Michael Yartsev, Department of Neurobiology, Weizmann Institute of Science

Room 1061, Meyer building, Electrical Engineering, Technion at 16:00

21 June, 2011
The Neural Basis of Spatial Representation of 2-D and 3-D Environments in the Hippocampus and Entorhinal Cortex of Bats.

Hippocampus and medial entorhinal cortex (MEC) both play a major role in spatial representation of the environment in the brain.  The hippocampus contains 'place cells', neurons which are active when the animal passes through a particular location in the environment (the 'place field'), and the MEC contains 'grid cells', which are activated when the animal's position in space coincides with a vertex of a spatial hexagonal grid spanning the entire environment.  To date, the vast majority of available electrophysiological data on how space is represented in these two interconnected brain regions was obtained from recordings in rats navigating in one- or two-dimensional environments.  To extend current knowledge regarding the neural basis of spatial representation in the mammalian brain, a novel animal model - the Egyptian fruit bat, was used. In this talk, I will describe two project aimed at elucidating two of the biggest mysteries regarding the neural mechanisms governing spatial representation in these two brain regions.

Question 1: What are the underlying neural mechanisms giving rise to the grid formation?

Two competing classes of theoretical models were proposed in the past: network models, based on attractor dynamics versus oscillatory interference models, based on continuous theta-band oscillations (4–10 Hz) in single neurons. To date these models could not be dissociated experimentally, because rodent grid cells always co-exist with continuous theta oscillations. To address this, we conducted the first electrophysiological recording from the entorhinal cortex of freely crawling bats. We find that, in the bat, grid cells existed in the absence of continuous theta oscillation and theta modulation of their spiking activity which causally argues against the oscillatory interference class of models.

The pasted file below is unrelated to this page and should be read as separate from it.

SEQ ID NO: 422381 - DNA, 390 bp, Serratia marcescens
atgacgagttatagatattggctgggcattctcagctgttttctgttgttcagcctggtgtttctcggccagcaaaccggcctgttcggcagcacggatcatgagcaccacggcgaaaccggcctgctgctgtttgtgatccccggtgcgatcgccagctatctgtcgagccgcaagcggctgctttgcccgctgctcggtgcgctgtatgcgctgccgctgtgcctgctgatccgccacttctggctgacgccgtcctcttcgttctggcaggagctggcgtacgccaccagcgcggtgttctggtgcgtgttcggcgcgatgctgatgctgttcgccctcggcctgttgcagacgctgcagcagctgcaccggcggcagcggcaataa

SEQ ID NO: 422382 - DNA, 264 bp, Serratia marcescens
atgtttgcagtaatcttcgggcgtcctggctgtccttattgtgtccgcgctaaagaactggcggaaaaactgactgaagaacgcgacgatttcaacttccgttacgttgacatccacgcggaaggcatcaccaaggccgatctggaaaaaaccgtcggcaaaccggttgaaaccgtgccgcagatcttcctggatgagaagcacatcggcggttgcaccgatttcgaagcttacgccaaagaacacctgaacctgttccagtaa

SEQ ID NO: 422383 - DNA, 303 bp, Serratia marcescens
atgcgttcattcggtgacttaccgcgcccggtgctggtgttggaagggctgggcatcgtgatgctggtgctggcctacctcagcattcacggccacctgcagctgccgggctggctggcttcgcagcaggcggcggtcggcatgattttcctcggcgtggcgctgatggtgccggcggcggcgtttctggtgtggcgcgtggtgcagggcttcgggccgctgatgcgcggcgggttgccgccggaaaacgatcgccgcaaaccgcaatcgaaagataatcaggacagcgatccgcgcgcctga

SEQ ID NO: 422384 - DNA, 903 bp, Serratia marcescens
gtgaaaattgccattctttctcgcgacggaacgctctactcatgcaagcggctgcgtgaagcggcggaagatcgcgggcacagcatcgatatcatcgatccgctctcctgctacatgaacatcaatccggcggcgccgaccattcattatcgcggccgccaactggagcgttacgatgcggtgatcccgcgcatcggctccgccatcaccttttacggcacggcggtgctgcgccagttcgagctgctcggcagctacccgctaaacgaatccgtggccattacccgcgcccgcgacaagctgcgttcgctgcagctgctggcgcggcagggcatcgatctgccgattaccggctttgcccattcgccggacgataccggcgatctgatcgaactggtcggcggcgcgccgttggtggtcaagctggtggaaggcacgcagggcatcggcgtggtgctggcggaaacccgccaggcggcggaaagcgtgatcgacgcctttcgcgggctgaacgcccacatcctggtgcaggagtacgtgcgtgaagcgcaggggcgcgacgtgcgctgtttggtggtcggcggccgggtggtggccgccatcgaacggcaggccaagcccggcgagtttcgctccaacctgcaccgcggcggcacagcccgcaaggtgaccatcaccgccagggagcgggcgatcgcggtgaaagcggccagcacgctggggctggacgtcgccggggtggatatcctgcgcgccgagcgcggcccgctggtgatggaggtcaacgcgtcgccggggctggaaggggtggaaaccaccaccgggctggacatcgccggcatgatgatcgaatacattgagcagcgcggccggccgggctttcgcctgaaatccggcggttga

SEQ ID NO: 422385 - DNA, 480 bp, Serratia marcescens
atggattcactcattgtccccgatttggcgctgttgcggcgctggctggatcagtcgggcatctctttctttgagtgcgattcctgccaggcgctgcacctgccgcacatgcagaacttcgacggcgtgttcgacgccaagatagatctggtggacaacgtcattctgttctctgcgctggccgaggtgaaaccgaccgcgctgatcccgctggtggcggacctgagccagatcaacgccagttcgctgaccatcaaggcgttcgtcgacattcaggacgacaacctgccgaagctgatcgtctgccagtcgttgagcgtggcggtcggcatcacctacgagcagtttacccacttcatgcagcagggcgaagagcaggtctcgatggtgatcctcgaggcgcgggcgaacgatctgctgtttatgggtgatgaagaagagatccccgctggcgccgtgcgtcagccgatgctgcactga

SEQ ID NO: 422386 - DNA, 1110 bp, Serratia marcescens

Question 2: How is three dimensional (3-D) space represented in the neural activity of hippocampal neurons?

Much research has focused on studying the detailed properties of place cells in rodents moving in either one- or two-dimensional environments (linear tracks or open field arenas, respectively), but only few attempts have been made to study the representation of 3-D space in the mammalian hippocampus. This question is important, because both animals and humans move daily through 3-D environments; and in order to understand the role of place-cells in real-life navigation, we must record from place-cells as animals move through all three dimensions. Using a tetrode microdrive and a custom, lightweight multi-channel neural telemetry system, we conducted the first electrophysiological recordings from the hippocampus of freely flying mammals. Individual well-isolated single units were recorded from the bat hippocampus during flight. These neurons had spatially-restricted place fields that represented all three dimensions, including the height (z-dimension), suggesting that all 3 dimensions are represented by hippocampal neurons.
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